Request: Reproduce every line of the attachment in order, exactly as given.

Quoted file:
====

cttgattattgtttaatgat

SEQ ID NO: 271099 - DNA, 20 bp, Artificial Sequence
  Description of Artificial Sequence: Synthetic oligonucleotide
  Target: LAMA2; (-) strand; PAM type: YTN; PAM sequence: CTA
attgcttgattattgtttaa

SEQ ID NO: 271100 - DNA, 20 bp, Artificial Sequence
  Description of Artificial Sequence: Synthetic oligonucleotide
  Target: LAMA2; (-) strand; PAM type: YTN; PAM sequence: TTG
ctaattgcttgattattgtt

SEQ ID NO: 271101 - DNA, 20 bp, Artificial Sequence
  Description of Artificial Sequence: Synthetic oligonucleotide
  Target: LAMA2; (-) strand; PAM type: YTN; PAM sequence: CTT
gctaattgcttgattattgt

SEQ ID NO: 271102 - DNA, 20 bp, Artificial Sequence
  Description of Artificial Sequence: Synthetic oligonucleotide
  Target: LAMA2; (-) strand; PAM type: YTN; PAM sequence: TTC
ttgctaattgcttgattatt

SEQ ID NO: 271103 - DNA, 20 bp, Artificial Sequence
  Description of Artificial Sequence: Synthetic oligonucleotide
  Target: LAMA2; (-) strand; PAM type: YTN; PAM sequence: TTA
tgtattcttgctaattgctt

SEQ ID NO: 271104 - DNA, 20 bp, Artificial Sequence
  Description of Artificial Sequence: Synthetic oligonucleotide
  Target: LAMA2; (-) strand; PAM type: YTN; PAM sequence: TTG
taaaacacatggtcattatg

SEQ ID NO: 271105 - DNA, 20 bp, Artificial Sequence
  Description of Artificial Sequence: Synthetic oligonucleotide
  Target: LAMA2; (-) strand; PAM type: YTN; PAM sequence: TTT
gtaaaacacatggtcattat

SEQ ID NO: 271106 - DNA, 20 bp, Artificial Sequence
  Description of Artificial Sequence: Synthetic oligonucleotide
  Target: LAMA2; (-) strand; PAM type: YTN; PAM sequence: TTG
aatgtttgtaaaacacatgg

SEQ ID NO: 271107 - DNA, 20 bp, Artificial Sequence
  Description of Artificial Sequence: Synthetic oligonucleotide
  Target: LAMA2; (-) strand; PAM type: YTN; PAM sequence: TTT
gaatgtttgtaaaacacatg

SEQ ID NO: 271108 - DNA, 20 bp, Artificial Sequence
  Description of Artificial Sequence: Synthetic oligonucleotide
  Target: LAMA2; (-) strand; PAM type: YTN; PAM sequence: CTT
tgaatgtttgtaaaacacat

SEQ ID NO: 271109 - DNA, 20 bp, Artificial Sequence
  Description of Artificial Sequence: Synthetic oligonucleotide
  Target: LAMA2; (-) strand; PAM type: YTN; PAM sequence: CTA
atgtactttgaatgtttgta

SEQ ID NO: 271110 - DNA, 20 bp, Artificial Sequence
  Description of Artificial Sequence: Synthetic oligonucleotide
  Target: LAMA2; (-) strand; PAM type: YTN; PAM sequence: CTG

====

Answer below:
cttgattattgtttaatgat

SEQ ID NO: 271099 - DNA, 20 bp, Artificial Sequence
  Description of Artificial Sequence: Synthetic oligonucleotide
  Target: LAMA2; (-) strand; PAM type: YTN; PAM sequence: CTA
attgcttgattattgtttaa

SEQ ID NO: 271100 - DNA, 20 bp, Artificial Sequence
  Description of Artificial Sequence: Synthetic oligonucleotide
  Target: LAMA2; (-) strand; PAM type: YTN; PAM sequence: TTG
ctaattgcttgattattgtt

SEQ ID NO: 271101 - DNA, 20 bp, Artificial Sequence
  Description of Artificial Sequence: Synthetic oligonucleotide
  Target: LAMA2; (-) strand; PAM type: YTN; PAM sequence: CTT
gctaattgcttgattattgt

SEQ ID NO: 271102 - DNA, 20 bp, Artificial Sequence
  Description of Artificial Sequence: Synthetic oligonucleotide
  Target: LAMA2; (-) strand; PAM type: YTN; PAM sequence: TTC
ttgctaattgcttgattatt

SEQ ID NO: 271103 - DNA, 20 bp, Artificial Sequence
  Description of Artificial Sequence: Synthetic oligonucleotide
  Target: LAMA2; (-) strand; PAM type: YTN; PAM sequence: TTA
tgtattcttgctaattgctt

SEQ ID NO: 271104 - DNA, 20 bp, Artificial Sequence
  Description of Artificial Sequence: Synthetic oligonucleotide
  Target: LAMA2; (-) strand; PAM type: YTN; PAM sequence: TTG
taaaacacatggtcattatg

SEQ ID NO: 271105 - DNA, 20 bp, Artificial Sequence
  Description of Artificial Sequence: Synthetic oligonucleotide
  Target: LAMA2; (-) strand; PAM type: YTN; PAM sequence: TTT
gtaaaacacatggtcattat

SEQ ID NO: 271106 - DNA, 20 bp, Artificial Sequence
  Description of Artificial Sequence: Synthetic oligonucleotide
  Target: LAMA2; (-) strand; PAM type: YTN; PAM sequence: TTG
aatgtttgtaaaacacatgg

SEQ ID NO: 271107 - DNA, 20 bp, Artificial Sequence
  Description of Artificial Sequence: Synthetic oligonucleotide
  Target: LAMA2; (-) strand; PAM type: YTN; PAM sequence: TTT
gaatgtttgtaaaacacatg

SEQ ID NO: 271108 - DNA, 20 bp, Artificial Sequence
  Description of Artificial Sequence: Synthetic oligonucleotide
  Target: LAMA2; (-) strand; PAM type: YTN; PAM sequence: CTT
tgaatgtttgtaaaacacat

SEQ ID NO: 271109 - DNA, 20 bp, Artificial Sequence
  Description of Artificial Sequence: Synthetic oligonucleotide
  Target: LAMA2; (-) strand; PAM type: YTN; PAM sequence: CTA
atgtactttgaatgtttgta

SEQ ID NO: 271110 - DNA, 20 bp, Artificial Sequence
  Description of Artificial Sequence: Synthetic oligonucleotide
  Target: LAMA2; (-) strand; PAM type: YTN; PAM sequence: CTG